Excerpted From: Laura Adler-Greene, Every Student Succeeds Act: Are Schools Making Sure Every Student Succeeds?, 35 Touro Law Review 11 (2019) (71 Footnotes) (Full Document)
President Obama signed the Every Student Succeeds Act (hereinafter "ESSA") into law on December 10, 2015 which took effect during the 2017-2018 school year. It reauthorized and revised the No Child Left Behind Act (hereinafter "NCLB") enacted in 2001 during the George W. Bush administration. Many areas of the act were revised including protocols concerning standardized testing, the requirements for highly qualified teachers, evaluating low performing schools and ensuring schools' accountability toward students in need. By reauthorizing NCLB, the federal government took a very "hands off" approach toward regulating education and has deferred educational decision making to the states. Critics of NCLB argue that the act's rigid requirements contained unrealistic expectations and set up school districts to fail, resulting in a lack of equal opportunities for all students. Proponents of the act believe that ESSA would better focus on fully preparing all students for success in college and future careers. Unfortunately, both NCLB and ESSA fail to address the individual needs of all students, regardless of their backgrounds. These acts ignore the underlying socioeconomic and racial issues affecting our nation's students.
This article will address the effects that NCLB has had on the American education system for the past 15 years. It will then compare NCLB to ESSA, analyzing the potential benefits and limitations of ESSA on the current educational system.
Part II will explore the positive and negative impacts that NCLB has had on the nation's education system.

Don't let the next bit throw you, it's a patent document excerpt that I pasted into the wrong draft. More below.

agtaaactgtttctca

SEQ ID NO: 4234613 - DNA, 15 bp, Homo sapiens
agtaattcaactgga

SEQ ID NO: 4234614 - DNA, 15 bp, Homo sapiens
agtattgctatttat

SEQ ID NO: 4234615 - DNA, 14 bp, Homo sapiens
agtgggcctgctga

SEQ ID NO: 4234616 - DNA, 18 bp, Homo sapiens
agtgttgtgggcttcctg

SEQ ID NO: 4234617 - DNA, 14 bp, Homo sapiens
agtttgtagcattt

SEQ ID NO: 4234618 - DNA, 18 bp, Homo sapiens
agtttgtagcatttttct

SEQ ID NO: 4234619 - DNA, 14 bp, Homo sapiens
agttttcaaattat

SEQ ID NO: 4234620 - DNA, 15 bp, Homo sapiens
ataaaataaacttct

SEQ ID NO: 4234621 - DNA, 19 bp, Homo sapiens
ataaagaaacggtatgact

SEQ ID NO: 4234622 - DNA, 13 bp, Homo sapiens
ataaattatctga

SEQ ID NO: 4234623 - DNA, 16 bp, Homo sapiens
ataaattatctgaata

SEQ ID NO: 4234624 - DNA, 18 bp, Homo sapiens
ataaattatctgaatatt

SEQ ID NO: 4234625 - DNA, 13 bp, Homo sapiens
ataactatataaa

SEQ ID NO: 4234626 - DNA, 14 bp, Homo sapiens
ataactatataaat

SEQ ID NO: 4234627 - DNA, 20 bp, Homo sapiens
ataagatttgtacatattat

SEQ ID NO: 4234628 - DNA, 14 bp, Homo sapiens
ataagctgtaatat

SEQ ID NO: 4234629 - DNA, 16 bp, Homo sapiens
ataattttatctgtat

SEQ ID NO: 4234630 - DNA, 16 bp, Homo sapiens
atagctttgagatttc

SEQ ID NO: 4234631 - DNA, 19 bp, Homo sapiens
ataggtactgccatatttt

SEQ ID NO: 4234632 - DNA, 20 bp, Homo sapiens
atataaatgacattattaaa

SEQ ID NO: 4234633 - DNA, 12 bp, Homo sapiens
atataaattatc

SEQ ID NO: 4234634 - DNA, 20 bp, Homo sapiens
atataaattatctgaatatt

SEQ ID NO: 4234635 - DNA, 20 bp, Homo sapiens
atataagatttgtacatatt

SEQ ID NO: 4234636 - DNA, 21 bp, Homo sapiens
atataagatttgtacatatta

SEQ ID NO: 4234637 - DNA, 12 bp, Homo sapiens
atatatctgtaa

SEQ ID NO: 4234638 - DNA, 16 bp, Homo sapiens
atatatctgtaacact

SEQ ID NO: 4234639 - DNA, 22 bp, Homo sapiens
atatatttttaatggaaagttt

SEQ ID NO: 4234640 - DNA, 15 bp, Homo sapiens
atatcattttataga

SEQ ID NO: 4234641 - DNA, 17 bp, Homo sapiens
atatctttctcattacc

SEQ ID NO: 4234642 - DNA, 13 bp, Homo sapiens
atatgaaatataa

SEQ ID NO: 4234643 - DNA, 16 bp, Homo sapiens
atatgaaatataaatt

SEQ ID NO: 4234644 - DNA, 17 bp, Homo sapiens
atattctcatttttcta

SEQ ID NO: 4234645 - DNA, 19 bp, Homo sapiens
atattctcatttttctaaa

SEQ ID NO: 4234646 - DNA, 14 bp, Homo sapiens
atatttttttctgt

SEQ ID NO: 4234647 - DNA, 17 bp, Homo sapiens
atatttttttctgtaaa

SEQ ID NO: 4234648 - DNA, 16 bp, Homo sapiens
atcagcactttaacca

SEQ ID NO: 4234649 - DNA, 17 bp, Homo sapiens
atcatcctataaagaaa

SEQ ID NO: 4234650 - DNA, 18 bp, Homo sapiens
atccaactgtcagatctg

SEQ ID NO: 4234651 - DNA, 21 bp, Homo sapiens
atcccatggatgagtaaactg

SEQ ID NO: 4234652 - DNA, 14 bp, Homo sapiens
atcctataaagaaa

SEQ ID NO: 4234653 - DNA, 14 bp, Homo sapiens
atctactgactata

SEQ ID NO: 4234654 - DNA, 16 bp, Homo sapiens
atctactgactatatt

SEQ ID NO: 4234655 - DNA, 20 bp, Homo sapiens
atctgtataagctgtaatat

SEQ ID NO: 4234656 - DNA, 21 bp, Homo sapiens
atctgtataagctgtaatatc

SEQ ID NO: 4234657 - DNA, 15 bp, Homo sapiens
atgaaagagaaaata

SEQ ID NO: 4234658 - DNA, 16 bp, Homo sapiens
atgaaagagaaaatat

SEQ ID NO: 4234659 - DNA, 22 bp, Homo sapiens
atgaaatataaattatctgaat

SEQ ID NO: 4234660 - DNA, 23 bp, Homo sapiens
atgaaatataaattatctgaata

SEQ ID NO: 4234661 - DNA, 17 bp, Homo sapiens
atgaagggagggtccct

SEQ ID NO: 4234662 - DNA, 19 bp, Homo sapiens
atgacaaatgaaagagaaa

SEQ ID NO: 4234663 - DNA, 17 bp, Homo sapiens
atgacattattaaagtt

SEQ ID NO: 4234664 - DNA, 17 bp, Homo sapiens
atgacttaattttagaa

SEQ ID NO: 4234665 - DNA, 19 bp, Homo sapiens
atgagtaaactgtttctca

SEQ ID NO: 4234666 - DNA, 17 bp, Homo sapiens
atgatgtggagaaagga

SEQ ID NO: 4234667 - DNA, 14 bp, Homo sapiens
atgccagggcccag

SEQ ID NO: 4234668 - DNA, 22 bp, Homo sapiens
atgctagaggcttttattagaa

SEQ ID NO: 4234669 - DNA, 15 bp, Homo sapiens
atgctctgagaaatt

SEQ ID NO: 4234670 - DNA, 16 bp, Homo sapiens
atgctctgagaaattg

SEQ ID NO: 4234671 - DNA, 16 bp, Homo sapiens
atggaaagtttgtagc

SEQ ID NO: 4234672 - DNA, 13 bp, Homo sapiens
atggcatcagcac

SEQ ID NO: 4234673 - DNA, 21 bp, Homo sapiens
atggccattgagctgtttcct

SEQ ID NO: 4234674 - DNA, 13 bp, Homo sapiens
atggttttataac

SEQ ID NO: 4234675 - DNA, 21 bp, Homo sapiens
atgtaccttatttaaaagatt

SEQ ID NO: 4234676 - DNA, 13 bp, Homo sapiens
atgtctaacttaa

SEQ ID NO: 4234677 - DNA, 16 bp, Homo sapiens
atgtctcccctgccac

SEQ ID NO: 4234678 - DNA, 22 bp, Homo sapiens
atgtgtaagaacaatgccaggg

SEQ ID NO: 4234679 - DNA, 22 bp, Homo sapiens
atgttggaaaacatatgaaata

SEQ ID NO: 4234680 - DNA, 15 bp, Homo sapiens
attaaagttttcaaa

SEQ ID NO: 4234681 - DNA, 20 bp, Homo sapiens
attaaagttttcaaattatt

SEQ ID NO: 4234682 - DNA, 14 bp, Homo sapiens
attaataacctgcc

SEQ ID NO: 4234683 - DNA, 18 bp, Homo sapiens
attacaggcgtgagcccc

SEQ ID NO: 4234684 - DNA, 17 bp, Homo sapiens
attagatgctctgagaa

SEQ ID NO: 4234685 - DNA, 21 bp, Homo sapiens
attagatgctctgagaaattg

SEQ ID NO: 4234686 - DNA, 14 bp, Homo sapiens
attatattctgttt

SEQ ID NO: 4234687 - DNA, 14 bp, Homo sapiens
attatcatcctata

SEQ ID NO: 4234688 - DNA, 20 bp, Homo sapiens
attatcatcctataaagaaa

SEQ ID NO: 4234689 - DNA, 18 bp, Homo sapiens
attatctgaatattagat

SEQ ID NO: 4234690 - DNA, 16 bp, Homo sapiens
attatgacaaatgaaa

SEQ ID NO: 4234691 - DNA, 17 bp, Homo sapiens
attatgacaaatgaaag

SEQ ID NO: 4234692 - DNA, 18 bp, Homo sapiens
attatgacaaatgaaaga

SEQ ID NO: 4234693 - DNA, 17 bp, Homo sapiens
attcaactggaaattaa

Part III will analyze provisions of ESSA and whether states can fulfill their education responsibilities.
The comparison in Part IV between NCLB and ESSA will reveal whether the nation's education system is truly benefitting from the revised education protocol and how ESSA would affect future generations.
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NCLB, ESSA, and other future reauthorizations share the common trend of politicians and policymakers failing to meet their obligations to students due to a lack of knowledge and understanding of the issues that students, advocates and teachers face on a daily basis. The wide range of examples include a six year old African American child with ADHD who is suspended from kindergarten on a weekly basis because supplementary aids and services are not being implemented; a young man with Autism who does not understand the intent of a classmate's words or actions and perceives them as insulting, triggering him to act out; a 21-year-old young lady who has been in special education from K-12 plus and cannot get a job because she cannot read beyond a third grade level; a 16-year-old boy from Honduras with a fourth grade education level, who left his native country to escape violence and is harassed by gang members at his new school while also adjusting to living with family he had never met before; finally, a young African American teenager caught in the "school to prison pipeline" where children are profiled by the education system and funneled into the criminal and juvenile justice system. This is the reality of the past couple of decades. Elected representatives have and continue to underrepresent the most vulnerable of their constituents. Neither NCLB, ESSA nor any other future reauthorizations will be able to help the nation's students until the reality of their situations are realized by those who govern.
Laura Adler-Greene is an associate at the Law Offices of Andrew M. Cohen in Garden City.